Given the better acceptance of ballads and sparsely-arranged pieces at radio now, this could be a better opportunity for “Skinny Love” to succeed, even with its age. After all, I doubt many people in the U.S. actually know about how the long the song’s been out or even a lot about the performer herself. Still, it begs the question of whether a fresher song like “Wings”, which was released a few months in Europe and bares the Ryan Tedder attachment, could’ve led to her big breakthrough here in the States rather than a remake that’s already weathered the surveys overseas to some big success, but generally modest results. (Actually, Tedder has too many compositions on the air as is, so best to wait in that case.)

With the pressure to introduce another Lana Del Rey or Lorde-type act into the U.S. music market, it’s worth noting that birds of a feather flock together. In that case, I think we may be seeing Birdy up in the clouds through this new year.

(Download “Skinny Love” on iTunes)

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GRAMMY Flashback: Who? What? How Did That Win?

An unjustified loss.

An unjustified loss.

Welcome to GRAMMY Week! This week, from Monday to Friday, you’ll be treated to some special GRAMMY related topics, from the past to the present, all leading up to the music’s biggest night on Sunday at 8PM eastern on CBS. Let’s dive into today’s post…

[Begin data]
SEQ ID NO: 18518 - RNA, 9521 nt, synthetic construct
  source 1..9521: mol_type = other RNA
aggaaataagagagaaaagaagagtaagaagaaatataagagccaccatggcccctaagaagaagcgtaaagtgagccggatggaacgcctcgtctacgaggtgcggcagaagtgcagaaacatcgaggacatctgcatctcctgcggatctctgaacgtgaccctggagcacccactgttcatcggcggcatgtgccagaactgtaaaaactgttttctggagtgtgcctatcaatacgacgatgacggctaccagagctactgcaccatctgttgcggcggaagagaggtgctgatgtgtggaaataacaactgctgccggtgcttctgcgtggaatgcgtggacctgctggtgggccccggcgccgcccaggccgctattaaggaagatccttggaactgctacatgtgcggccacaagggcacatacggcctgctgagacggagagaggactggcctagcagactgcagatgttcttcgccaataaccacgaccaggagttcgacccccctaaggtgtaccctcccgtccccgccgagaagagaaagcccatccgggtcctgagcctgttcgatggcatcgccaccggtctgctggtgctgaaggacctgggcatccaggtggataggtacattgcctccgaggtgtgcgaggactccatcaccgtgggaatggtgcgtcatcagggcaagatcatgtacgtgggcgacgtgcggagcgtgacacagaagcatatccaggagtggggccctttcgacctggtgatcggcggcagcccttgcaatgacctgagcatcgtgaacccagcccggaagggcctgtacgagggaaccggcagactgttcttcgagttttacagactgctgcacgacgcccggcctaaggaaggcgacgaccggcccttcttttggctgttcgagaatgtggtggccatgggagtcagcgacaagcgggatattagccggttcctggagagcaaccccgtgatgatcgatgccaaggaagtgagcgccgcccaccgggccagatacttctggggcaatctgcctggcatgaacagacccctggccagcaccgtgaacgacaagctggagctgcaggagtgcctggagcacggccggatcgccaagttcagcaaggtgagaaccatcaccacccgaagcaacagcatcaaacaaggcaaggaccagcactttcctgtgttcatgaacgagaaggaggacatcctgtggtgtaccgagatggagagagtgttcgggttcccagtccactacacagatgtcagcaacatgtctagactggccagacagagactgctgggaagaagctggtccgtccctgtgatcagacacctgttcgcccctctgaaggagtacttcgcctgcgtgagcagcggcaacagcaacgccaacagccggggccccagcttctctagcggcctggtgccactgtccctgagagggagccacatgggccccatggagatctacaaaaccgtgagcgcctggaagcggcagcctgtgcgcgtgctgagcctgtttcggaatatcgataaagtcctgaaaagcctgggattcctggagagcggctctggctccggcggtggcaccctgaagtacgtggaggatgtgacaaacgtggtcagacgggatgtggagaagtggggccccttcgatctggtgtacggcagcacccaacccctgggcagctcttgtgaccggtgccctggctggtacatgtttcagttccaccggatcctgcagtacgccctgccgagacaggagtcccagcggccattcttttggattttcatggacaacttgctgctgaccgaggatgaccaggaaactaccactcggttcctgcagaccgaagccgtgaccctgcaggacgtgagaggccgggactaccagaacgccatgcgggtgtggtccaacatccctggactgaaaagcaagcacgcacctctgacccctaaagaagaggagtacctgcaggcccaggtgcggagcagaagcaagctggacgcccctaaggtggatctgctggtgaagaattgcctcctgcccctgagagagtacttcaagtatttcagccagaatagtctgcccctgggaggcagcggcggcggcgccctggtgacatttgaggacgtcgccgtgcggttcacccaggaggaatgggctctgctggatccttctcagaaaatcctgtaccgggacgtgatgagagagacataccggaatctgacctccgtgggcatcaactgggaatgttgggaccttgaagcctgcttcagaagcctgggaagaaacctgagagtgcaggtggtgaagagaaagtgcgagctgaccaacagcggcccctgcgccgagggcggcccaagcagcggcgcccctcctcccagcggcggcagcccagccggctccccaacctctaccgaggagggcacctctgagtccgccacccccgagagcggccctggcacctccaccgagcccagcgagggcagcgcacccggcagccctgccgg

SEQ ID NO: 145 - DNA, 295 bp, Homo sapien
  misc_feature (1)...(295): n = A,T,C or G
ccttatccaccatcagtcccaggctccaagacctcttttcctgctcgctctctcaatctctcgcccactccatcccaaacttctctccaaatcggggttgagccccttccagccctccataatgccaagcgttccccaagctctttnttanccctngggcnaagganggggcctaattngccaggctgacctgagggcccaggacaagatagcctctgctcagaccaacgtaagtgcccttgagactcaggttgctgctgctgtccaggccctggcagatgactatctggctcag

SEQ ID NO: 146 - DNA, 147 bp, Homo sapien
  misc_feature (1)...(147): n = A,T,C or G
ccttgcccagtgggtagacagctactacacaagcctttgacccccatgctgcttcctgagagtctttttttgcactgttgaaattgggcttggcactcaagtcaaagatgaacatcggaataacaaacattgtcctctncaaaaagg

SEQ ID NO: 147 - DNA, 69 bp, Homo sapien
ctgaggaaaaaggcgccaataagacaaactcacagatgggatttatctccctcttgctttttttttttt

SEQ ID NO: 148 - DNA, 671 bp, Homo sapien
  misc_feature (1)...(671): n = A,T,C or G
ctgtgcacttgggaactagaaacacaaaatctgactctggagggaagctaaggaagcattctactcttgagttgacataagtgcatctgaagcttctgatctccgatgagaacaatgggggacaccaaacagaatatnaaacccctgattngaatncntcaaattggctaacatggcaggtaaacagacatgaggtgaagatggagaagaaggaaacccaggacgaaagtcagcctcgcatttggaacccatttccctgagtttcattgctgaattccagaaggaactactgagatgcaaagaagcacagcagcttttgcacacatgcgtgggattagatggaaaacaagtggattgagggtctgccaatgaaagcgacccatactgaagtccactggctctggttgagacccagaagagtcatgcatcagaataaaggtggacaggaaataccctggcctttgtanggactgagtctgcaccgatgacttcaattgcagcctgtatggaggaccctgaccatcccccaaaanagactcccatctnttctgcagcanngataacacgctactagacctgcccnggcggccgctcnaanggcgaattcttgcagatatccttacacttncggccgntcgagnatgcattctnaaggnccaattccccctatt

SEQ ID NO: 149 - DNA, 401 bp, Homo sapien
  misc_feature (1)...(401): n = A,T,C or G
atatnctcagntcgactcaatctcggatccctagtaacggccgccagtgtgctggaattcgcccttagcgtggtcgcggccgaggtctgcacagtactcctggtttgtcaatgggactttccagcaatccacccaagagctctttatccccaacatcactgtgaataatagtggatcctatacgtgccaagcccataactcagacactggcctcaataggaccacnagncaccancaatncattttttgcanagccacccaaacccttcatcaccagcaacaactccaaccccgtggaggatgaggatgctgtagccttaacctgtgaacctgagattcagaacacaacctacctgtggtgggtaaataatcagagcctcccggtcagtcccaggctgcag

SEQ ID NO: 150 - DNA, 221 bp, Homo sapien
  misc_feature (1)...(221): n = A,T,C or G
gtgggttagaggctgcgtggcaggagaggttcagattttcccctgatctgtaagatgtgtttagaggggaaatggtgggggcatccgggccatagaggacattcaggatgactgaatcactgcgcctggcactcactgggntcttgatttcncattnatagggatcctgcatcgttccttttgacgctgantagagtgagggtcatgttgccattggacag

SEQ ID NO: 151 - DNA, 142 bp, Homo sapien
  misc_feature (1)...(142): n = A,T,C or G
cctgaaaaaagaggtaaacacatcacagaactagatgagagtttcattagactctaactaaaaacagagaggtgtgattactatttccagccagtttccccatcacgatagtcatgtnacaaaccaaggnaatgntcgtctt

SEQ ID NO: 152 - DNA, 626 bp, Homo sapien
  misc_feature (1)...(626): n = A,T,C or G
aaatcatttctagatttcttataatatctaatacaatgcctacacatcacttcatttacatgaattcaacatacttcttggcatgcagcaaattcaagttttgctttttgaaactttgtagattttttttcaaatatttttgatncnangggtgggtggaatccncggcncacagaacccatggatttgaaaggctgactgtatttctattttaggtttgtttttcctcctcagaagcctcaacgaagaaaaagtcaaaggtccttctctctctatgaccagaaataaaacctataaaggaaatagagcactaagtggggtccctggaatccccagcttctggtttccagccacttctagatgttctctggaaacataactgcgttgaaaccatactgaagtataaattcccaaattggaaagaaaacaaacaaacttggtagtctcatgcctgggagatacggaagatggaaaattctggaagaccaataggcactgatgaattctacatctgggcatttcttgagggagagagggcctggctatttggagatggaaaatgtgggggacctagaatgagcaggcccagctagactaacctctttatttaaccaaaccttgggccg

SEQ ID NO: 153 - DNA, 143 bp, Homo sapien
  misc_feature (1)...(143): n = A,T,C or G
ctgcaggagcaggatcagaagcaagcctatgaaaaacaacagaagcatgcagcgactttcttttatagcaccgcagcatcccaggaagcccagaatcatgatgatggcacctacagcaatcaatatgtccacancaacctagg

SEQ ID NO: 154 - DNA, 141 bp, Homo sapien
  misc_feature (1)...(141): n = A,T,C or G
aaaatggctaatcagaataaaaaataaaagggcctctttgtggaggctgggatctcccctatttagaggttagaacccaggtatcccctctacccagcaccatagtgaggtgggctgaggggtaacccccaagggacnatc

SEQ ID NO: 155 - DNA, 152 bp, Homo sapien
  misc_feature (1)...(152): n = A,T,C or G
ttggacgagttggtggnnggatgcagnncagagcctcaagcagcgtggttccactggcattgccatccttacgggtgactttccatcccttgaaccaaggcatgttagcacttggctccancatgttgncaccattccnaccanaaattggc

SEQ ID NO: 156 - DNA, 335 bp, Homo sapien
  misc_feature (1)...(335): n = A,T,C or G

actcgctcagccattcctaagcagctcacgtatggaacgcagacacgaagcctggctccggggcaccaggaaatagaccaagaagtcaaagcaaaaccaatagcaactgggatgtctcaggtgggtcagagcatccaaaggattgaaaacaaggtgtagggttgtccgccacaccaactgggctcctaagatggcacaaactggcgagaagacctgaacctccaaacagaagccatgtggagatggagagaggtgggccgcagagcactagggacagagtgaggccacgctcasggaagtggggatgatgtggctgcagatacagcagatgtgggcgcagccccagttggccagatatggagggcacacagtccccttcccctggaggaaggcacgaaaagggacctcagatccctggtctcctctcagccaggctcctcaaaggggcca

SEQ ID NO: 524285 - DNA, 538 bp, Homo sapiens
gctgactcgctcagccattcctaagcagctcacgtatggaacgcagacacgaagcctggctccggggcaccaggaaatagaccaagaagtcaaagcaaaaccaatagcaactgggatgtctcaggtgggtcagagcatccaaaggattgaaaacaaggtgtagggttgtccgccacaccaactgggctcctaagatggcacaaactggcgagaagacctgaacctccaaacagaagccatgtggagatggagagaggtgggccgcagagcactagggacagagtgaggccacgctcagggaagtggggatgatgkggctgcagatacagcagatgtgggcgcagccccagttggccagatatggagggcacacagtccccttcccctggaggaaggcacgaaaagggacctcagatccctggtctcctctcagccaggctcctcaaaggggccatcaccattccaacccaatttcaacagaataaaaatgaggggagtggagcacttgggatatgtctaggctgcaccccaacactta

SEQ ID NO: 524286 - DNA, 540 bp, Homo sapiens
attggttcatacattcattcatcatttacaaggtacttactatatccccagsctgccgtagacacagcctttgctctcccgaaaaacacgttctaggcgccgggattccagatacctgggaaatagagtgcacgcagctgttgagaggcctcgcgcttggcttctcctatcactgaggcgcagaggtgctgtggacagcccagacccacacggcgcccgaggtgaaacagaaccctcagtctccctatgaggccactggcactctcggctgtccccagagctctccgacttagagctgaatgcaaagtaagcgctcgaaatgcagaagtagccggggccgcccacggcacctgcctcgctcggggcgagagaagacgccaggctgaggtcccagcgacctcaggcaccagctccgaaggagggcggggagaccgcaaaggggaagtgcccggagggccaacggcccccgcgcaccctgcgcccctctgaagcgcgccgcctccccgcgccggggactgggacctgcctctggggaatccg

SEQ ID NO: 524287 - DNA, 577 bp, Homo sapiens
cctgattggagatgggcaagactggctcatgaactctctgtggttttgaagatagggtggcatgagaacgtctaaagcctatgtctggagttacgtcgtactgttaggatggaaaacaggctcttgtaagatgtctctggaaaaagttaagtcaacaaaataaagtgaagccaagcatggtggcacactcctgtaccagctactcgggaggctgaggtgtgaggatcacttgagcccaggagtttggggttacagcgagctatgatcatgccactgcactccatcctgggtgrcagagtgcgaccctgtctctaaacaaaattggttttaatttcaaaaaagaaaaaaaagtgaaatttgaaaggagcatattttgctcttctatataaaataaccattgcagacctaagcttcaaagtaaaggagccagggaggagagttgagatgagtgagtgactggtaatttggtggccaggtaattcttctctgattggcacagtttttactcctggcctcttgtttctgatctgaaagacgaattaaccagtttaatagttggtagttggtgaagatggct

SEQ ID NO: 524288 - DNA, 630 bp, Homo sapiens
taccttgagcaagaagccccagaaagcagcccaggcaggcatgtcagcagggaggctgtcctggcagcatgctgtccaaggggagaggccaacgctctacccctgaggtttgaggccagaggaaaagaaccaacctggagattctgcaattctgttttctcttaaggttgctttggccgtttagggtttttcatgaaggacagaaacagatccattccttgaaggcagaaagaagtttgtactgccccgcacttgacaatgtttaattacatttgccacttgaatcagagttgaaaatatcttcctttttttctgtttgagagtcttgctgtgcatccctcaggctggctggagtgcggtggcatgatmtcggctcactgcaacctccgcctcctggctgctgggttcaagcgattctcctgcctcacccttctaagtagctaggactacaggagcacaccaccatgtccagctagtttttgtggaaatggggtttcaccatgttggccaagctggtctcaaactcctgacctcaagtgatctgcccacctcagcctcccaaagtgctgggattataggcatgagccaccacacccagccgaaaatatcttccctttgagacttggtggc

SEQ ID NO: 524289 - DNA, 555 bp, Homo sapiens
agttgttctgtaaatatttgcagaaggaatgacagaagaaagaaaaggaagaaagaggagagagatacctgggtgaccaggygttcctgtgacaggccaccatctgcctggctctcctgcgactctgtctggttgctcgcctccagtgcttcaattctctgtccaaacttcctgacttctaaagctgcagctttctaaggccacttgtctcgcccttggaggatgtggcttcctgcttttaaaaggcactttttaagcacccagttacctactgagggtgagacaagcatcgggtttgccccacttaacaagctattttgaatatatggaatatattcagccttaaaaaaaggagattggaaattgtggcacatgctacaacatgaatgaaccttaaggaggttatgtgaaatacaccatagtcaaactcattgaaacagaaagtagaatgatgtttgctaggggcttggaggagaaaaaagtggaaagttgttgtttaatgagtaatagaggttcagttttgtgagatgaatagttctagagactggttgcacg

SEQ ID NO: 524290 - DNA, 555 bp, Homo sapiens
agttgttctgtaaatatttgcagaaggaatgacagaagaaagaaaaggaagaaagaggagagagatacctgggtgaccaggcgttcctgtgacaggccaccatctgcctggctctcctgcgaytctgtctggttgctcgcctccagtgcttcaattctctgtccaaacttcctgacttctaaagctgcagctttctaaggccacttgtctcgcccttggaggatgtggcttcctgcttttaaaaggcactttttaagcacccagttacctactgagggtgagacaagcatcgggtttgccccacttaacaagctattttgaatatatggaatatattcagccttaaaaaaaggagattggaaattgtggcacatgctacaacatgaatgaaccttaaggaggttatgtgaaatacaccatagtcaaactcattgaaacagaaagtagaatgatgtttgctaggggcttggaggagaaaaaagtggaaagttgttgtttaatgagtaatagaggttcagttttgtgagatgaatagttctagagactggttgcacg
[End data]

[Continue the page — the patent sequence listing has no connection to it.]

Now, time for some GRAMMY wins from the weird and wacky corner of the music universe. Over the past fifty-four years, some of these choices haven’t exactly held up well are still criticized to this day. How and why did these happen? The voting committee shows us that, sometimes, they might just be a bit out of touch with the mainstream with a few of the results in these six different categories. Take a look.

THE BIG FOUR
A few entries have won Song Of The Year without hitting the top 40 on the Hot 100. In fact, they barely made the Hot 100 as is. 1966’s winner, “The Shadow Of Your Smile” by Tony Bennett, peaked at #95. Forty years later, “Sometimes You Can’t Make It On Your Own” by U2 only went to #97. Both are GRAMMY darlings, but it seems sort of weird to have won such an honor without being a big national hit. Several Record Of The Year winners never made the Hot 100 at all: 2002’s “Walk On” by U2,  2005’s “Here We Go Again” by the late Ray Charles and Norah Jones and 2009’s “Please Read The Letter” by Alison Krauss and Robert Plant. I think we’re at the point where this phase is over… for now.